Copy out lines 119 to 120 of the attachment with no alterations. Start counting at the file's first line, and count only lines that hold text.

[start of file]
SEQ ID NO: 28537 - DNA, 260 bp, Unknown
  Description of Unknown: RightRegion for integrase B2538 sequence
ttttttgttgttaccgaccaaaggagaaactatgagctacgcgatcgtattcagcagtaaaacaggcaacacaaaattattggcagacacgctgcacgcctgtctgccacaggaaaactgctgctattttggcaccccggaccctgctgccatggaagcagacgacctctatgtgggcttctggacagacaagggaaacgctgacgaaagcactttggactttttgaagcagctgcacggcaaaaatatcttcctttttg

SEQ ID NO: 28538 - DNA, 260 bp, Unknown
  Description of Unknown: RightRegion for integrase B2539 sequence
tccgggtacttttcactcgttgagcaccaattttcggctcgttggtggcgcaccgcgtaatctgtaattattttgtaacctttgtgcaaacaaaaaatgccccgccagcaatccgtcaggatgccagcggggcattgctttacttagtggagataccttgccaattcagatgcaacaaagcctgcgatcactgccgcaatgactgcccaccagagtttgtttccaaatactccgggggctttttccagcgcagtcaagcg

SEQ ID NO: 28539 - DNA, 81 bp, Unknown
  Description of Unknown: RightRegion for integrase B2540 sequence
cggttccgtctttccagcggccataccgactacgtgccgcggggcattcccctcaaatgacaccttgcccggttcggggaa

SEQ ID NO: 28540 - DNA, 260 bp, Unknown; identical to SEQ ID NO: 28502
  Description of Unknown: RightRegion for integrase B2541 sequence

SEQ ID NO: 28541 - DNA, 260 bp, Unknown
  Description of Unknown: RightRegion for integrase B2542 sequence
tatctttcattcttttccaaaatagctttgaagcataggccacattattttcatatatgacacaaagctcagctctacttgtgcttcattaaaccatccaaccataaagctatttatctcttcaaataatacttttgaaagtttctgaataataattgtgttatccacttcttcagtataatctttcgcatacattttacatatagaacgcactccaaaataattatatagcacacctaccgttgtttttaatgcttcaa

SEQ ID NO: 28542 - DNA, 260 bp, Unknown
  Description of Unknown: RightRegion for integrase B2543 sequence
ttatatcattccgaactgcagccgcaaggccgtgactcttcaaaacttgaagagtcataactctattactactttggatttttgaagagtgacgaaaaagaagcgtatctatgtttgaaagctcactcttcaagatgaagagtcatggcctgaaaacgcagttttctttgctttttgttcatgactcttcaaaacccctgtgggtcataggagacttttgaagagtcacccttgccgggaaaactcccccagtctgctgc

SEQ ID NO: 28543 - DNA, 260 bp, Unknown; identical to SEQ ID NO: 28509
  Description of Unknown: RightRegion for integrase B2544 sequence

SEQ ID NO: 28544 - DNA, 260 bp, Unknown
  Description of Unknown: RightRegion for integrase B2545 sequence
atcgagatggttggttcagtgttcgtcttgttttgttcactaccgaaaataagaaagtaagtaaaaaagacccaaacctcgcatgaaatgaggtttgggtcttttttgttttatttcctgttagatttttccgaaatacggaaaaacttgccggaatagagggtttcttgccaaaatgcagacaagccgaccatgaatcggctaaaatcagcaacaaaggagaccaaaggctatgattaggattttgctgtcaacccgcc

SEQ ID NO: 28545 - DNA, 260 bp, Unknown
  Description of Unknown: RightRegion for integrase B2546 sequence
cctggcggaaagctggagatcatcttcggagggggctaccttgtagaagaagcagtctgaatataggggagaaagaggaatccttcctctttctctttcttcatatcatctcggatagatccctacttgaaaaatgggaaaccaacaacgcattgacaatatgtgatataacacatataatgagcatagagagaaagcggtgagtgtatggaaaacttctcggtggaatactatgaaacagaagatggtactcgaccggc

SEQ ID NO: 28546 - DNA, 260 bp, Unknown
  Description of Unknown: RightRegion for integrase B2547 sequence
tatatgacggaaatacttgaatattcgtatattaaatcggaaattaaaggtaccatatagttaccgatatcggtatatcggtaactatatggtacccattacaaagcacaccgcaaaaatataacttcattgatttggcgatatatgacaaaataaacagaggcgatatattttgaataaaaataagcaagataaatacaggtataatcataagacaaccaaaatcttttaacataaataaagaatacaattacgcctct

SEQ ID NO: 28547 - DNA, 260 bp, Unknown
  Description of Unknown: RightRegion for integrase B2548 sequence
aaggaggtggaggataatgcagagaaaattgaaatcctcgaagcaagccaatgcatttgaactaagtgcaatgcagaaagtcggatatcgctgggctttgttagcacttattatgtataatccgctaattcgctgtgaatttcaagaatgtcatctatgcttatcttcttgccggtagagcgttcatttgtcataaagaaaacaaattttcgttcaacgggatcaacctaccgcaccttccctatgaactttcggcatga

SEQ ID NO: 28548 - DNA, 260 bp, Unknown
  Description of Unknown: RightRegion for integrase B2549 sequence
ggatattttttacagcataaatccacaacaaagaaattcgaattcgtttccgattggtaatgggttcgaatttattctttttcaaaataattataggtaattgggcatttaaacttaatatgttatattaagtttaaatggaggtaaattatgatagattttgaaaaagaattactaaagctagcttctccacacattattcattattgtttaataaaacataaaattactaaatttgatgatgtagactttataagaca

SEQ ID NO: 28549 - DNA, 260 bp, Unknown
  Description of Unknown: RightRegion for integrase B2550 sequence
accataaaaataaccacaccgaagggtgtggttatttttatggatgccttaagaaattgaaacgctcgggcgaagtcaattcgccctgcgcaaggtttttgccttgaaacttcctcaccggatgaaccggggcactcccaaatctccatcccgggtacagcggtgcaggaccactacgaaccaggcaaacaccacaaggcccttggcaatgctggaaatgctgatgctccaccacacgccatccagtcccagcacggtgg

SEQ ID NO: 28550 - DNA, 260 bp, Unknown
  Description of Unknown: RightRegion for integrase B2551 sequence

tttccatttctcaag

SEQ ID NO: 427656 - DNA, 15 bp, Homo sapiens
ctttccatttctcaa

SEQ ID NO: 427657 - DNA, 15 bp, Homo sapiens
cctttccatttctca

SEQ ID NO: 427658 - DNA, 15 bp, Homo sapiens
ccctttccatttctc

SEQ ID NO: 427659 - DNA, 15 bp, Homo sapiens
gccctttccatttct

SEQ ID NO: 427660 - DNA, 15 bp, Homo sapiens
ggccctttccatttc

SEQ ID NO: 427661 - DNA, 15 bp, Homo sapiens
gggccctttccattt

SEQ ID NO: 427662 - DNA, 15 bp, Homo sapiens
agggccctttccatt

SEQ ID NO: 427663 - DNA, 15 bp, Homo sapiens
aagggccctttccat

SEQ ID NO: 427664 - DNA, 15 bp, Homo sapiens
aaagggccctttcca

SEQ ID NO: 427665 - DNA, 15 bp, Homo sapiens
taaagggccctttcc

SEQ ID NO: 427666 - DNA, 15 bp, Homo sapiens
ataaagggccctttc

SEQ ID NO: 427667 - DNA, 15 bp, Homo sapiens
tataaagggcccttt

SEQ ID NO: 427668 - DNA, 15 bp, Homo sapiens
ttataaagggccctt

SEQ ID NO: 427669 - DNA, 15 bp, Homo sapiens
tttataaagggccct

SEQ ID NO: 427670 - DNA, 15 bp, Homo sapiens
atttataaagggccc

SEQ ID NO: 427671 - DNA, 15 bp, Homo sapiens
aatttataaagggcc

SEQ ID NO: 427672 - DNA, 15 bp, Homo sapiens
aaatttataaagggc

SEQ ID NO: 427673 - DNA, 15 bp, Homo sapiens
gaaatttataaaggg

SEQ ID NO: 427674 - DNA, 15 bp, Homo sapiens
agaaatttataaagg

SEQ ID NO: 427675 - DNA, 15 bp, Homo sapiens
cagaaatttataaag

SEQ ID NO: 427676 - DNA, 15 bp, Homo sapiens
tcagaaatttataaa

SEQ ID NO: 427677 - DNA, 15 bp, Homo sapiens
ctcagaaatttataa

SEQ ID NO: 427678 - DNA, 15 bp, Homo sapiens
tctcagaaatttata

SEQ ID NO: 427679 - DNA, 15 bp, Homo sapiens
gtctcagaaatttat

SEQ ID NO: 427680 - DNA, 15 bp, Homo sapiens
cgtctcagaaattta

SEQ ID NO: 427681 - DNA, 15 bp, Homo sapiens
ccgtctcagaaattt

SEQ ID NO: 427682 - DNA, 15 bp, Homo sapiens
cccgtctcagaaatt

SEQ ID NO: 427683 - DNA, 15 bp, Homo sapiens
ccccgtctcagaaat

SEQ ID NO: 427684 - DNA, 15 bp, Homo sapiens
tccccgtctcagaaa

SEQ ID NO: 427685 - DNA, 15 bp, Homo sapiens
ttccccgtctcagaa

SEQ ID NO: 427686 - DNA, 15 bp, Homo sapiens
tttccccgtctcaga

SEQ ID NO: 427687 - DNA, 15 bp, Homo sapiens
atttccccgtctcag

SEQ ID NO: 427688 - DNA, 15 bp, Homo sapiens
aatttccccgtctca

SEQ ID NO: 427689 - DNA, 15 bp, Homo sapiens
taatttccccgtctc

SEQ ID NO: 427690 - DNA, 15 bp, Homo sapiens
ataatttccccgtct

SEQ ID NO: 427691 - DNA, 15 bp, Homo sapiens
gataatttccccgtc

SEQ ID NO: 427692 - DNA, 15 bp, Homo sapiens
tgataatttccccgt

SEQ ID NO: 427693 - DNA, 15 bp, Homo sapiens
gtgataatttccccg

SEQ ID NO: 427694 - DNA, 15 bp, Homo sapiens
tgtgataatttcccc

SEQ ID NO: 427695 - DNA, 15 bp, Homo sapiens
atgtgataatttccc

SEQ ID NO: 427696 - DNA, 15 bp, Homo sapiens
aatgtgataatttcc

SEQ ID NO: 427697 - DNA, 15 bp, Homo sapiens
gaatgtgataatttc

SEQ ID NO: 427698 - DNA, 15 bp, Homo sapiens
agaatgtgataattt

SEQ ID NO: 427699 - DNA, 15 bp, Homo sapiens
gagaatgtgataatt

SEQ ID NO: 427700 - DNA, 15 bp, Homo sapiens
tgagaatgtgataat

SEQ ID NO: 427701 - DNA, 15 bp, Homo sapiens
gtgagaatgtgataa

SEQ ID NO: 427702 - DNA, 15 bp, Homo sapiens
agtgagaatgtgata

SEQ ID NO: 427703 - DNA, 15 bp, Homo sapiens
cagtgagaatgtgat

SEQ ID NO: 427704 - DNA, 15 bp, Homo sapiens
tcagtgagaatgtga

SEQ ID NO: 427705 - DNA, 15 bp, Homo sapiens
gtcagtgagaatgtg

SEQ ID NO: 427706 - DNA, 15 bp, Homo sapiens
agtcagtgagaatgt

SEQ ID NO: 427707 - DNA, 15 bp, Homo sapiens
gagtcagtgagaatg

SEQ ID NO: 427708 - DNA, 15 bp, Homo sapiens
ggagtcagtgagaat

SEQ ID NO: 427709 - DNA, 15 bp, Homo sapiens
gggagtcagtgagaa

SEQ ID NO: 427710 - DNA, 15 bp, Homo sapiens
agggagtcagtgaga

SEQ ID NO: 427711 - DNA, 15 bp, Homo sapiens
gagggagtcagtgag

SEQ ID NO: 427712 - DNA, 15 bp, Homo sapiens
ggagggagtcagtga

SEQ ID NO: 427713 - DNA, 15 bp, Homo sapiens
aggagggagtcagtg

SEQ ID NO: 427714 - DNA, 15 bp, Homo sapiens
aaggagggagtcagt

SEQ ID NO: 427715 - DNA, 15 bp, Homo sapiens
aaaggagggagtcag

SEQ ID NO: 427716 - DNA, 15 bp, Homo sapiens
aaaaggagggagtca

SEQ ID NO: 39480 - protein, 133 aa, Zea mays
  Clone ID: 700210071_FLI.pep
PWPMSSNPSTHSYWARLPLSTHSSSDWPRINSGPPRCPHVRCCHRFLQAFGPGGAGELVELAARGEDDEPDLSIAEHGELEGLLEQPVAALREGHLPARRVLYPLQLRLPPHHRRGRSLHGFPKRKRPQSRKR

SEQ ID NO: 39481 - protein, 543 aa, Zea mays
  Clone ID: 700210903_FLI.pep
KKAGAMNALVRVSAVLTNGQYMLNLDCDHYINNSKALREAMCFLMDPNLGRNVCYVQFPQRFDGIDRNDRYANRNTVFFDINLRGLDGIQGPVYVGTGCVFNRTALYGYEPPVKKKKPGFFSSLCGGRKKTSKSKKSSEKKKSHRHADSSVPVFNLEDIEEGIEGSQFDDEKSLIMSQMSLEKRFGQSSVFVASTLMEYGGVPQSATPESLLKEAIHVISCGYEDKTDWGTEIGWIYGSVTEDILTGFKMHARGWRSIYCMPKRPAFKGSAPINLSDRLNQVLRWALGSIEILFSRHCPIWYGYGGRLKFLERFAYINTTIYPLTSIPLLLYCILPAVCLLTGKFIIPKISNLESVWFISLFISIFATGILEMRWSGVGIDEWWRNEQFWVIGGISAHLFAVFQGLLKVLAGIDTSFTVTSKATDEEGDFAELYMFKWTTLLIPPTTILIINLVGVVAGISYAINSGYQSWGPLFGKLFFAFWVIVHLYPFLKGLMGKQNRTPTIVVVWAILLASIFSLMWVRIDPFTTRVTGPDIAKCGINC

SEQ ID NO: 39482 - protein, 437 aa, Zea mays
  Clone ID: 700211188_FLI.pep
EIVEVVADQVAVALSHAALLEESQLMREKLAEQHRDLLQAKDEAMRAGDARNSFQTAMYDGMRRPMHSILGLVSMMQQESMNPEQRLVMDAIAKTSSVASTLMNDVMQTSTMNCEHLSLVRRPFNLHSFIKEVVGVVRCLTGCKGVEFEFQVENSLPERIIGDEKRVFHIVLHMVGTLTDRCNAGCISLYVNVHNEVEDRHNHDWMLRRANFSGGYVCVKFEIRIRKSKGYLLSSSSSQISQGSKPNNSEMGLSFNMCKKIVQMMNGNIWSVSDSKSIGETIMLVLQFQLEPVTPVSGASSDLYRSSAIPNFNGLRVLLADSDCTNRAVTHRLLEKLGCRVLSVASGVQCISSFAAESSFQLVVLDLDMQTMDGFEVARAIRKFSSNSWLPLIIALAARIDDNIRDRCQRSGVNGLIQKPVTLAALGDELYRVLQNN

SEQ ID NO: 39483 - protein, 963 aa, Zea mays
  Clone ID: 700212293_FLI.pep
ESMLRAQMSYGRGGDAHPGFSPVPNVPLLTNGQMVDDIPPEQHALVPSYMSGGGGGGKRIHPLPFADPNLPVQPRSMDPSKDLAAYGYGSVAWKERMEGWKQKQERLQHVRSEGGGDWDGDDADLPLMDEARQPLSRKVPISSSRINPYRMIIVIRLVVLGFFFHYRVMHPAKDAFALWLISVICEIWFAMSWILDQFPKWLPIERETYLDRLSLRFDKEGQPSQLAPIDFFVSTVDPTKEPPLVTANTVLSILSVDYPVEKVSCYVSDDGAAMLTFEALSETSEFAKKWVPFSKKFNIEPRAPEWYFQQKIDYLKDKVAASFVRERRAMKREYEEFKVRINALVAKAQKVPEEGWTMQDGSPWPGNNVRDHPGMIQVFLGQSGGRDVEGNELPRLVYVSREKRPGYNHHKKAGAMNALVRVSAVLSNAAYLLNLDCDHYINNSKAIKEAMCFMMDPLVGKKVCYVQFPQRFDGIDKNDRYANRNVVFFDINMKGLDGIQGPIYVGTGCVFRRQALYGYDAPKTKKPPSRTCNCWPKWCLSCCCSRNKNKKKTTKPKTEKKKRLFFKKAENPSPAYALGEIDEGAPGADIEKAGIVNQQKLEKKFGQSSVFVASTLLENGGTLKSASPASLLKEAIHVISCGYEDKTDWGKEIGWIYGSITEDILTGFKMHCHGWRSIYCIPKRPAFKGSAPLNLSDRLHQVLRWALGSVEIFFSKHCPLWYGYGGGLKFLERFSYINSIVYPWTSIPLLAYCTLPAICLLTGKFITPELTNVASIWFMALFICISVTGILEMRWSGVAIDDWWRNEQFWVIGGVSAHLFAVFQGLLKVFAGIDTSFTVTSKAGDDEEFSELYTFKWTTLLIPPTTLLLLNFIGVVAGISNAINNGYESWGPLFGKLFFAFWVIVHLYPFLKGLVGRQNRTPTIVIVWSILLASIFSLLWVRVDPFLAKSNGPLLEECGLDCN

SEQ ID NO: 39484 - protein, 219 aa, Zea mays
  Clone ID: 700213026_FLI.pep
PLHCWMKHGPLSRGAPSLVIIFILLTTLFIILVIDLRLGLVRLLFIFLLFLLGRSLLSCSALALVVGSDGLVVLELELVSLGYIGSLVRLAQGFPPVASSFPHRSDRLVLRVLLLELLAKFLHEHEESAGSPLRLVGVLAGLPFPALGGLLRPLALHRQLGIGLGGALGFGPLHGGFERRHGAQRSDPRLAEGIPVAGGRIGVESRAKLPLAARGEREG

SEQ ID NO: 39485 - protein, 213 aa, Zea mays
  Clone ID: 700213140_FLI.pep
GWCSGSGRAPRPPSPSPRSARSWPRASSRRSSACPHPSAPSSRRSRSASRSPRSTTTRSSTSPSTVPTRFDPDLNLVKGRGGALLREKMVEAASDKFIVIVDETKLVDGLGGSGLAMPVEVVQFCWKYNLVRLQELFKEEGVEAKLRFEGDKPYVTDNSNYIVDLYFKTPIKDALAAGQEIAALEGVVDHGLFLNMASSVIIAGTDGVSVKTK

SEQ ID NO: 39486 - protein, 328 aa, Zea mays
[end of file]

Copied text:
SEQ ID NO: 427695 - DNA, 15 bp, Homo sapiens
atgtgataatttccc